School may stay open: Four of the five Marion County School Board members say they want to hire a private company to operate the struggling Evergreen Elementary School, rather than closing it as Superintendent Heidi Maier has recommended. The board could also choose the third option offered by the stte, to turn Evergreen over to the ncharter school company, when it votes on the issue next Tuesday. Ocala Star-Banner.

Educators honored: Seven teachers are awarded Governor’s Shine Awards for their contributions to education. They are: Marissa Ballard, Jackson County; Gregory Barron, Bay; Lana Harrison, Gulf; Lauren Marlow, Alachua; Theresa Ryan, Citrus; April Wallace, Florida School for the Deaf and the Blind; and Lisa Ullman, Florida Virtual School. Orlando Political Observer.

Superintendents speak: Hillsborough County School Superintendent Jeff Eakins talks about the Florida Board of Education’s order to remove principals and some teachers from four struggling schools, and the timing of the district’s next steps. Gradebook. Brevard County Superintendent Desmond Blackburn discusses raises for teachers, a software settlement and more. Florida Today.

Graduation times: Some east Pasco County parents are asking the school district to change graduation times for either Pasco or Zephyrhills high schools so they can get to both. Pasco’s is set for 7:30 p.m. May 24, and Zephyrhills’ is at 8 p.m. the same day, but 40 minutes away. Some families have graduating seniors at both schools. Gradebook.

Traffic concerns: Parents in the Golden Gates Estates neighborhood are lobbying the Collier County Sheriff’s Office for more traffic enforcement along Oil Well Road, which students use to get to three schools. Parents want the county to also consider speed bumps, concrete barriers and an extension of the existing school zones. WBBH.

Choice programs: Almost 450 applications have already been filed for Pasco County’s new magnet technical high school that opens in August. School officials are hoping to get 600 students. The window to apply to the new Wendell Krinn Technical High School is open through early February. Tampa Bay Times. The Duval County School District has a School Choice Expo on Saturday. About 15,000 students and their parents are expected to attend. Florida Times-Union.

School board elections: Scott Jones, a store manager for Publix, is running for the District 3 seat on the Polk County School Board that is currently held by Hazel Sellers. Sellers says she is not running for re-election. Other candidates for the seat are Kala Ivy Tedder, a senior at George Jenkins High School, and Sarah Fortney, a science teacher at Stambaugh Middle. Lakeland Ledger.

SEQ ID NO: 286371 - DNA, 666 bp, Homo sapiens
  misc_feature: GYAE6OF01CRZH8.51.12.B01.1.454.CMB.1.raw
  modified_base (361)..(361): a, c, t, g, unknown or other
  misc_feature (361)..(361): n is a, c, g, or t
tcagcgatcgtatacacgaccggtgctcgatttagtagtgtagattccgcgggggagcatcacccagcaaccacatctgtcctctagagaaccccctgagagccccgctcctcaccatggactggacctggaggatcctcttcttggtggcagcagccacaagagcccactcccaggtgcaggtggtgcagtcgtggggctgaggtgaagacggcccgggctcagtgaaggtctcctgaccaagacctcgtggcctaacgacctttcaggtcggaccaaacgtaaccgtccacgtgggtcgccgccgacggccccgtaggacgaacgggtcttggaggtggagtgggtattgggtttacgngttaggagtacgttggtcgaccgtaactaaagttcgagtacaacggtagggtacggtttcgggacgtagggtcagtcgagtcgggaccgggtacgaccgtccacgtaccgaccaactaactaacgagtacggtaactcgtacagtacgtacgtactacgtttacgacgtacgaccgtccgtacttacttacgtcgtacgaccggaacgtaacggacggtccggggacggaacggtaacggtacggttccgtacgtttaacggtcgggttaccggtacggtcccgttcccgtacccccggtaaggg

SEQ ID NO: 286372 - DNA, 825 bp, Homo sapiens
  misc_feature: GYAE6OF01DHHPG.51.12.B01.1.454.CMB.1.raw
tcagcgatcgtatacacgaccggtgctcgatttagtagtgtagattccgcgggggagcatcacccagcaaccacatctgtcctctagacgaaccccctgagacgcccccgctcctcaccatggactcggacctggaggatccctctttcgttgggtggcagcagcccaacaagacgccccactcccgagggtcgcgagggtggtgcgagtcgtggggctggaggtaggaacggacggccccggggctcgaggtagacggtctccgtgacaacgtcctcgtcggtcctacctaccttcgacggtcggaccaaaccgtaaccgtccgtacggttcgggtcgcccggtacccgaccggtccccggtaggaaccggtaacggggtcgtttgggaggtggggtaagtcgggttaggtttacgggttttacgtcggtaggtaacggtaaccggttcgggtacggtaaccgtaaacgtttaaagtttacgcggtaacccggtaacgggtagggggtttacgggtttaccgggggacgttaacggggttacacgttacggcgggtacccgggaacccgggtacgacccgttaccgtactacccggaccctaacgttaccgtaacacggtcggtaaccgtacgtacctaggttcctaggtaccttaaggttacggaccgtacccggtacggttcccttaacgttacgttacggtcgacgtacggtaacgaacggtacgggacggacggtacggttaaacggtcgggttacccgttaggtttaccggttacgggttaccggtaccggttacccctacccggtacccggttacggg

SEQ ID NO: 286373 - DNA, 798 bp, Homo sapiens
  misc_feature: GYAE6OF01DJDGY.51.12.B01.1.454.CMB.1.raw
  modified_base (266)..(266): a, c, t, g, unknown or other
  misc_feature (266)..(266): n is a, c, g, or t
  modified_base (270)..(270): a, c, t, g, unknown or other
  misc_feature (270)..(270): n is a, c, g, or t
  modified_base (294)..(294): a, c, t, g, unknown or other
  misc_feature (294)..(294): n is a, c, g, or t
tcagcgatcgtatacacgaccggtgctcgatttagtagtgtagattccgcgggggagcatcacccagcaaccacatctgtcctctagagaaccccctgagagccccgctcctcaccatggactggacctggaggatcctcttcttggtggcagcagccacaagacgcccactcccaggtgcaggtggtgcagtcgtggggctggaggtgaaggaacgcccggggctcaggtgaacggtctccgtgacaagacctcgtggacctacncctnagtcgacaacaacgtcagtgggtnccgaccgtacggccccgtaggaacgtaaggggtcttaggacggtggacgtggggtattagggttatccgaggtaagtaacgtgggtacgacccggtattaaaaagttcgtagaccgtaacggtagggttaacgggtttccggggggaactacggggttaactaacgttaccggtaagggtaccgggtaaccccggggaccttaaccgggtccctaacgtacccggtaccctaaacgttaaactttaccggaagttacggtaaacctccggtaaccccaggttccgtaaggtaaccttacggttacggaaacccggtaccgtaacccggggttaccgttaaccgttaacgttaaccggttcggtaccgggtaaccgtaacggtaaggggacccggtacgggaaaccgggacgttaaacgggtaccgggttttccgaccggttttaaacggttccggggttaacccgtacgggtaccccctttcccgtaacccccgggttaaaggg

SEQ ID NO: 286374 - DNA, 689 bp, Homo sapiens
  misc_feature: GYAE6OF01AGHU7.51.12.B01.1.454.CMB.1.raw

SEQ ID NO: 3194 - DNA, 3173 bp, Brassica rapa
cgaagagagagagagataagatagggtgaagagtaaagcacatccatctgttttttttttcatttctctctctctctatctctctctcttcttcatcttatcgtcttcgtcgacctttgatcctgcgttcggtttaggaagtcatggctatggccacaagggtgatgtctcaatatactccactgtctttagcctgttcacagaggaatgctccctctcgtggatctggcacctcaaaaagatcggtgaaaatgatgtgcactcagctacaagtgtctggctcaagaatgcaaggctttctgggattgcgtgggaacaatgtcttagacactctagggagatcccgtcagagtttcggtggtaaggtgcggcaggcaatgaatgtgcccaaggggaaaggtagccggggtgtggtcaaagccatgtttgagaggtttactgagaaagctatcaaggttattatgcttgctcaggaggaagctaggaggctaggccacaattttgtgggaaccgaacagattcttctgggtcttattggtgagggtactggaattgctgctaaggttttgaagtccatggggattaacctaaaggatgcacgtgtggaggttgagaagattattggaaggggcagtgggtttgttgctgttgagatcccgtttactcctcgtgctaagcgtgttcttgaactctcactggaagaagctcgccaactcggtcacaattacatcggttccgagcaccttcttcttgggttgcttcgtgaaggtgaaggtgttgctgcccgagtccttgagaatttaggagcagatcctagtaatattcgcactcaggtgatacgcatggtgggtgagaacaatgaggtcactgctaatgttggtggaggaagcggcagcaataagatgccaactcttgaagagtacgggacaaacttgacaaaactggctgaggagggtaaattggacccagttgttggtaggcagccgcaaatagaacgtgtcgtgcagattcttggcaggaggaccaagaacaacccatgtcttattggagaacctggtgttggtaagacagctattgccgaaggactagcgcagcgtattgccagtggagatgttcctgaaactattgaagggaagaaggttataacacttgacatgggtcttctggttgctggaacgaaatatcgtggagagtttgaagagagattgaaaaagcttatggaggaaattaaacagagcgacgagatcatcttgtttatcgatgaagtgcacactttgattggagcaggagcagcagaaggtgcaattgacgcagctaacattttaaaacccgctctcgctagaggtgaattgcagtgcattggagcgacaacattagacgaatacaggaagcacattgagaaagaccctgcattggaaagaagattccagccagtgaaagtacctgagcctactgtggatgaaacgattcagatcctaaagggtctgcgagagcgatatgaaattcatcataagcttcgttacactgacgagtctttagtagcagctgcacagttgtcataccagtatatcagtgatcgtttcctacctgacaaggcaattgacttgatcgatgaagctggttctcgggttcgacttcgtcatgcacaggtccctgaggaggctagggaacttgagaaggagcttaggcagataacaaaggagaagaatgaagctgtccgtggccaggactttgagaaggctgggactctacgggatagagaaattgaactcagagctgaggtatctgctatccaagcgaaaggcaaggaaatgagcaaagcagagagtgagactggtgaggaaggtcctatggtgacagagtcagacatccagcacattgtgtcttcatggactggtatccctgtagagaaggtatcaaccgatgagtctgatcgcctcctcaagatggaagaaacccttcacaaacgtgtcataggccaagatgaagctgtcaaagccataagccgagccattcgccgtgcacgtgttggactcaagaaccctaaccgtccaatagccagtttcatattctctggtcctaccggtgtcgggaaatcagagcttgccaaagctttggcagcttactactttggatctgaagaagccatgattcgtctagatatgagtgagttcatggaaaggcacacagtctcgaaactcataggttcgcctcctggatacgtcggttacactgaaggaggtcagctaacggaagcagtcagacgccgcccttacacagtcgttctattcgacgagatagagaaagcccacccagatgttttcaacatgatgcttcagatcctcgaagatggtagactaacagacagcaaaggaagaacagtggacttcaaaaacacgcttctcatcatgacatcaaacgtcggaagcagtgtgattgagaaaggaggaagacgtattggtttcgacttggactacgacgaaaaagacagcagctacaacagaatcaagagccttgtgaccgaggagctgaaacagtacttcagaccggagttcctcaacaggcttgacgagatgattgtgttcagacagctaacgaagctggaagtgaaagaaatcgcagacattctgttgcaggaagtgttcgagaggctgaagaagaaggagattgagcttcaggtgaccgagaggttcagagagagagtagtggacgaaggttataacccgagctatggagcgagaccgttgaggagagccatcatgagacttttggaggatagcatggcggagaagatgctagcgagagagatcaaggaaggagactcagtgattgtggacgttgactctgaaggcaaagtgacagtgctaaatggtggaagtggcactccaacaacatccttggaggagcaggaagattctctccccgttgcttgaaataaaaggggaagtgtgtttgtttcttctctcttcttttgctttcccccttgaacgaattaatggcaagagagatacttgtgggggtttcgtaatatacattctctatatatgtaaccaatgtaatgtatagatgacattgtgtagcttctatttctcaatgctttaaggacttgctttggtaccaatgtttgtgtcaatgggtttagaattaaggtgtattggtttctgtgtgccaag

School crash motive: The mother of Wesley Prophet Sauveur, the 17-year-old killed when he drove his car into a wall at the Evangelical Christian School in Fort Myers, says she believes he killed himself because he was the subject of a child pornography investigation. Fort Myers News-Press.

Vandalism suspects: Port Orange police identify three middle-school students, ages 12, 13 and 14, as suspects in the vandalism at Horizon Elementary School. They face felony charges of burglary and vandalism. Daytona Beach News-Journal.

Opinions on schools: There are a few good proposals being considered today by the Constitution Revision Commission, and a lot of bad ones. Among the unwise ones: repealing a ban on public funds to religious institutions, allowing the state to make “other provisions” for education than the uniform system of public education presently required, and letting the state establish charter schools without consulting local school boards, which now have authority over them. Sun-Sentinel. Hillsborough County school officials can’t dodge the responsibility for having bad substitute teachers. Joe Henderson, Tampa Bay Times. Two Lee County school teachers should have lost their jobs after taking money from an Estero High School booster club. Unfortunately, the school district is allowing them to continue to teach until the end of the school year. It’s a bad precedent, sending a message that it’s okay to take what isn’t yours as long as you give it back. Tom Hayden, Fort Myers News-Press.

Student enrichment: The nonprofit group Play It Forward donates $25,000 to buy musical instruments for Polk County students who can’t afford them. Lakeland Ledger. Three Gulf Breeze High School students are raising money to buy laptops for 46 Take Stock in Children scholars to take to college. Gulf Breeze News.

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BY NextSteps staff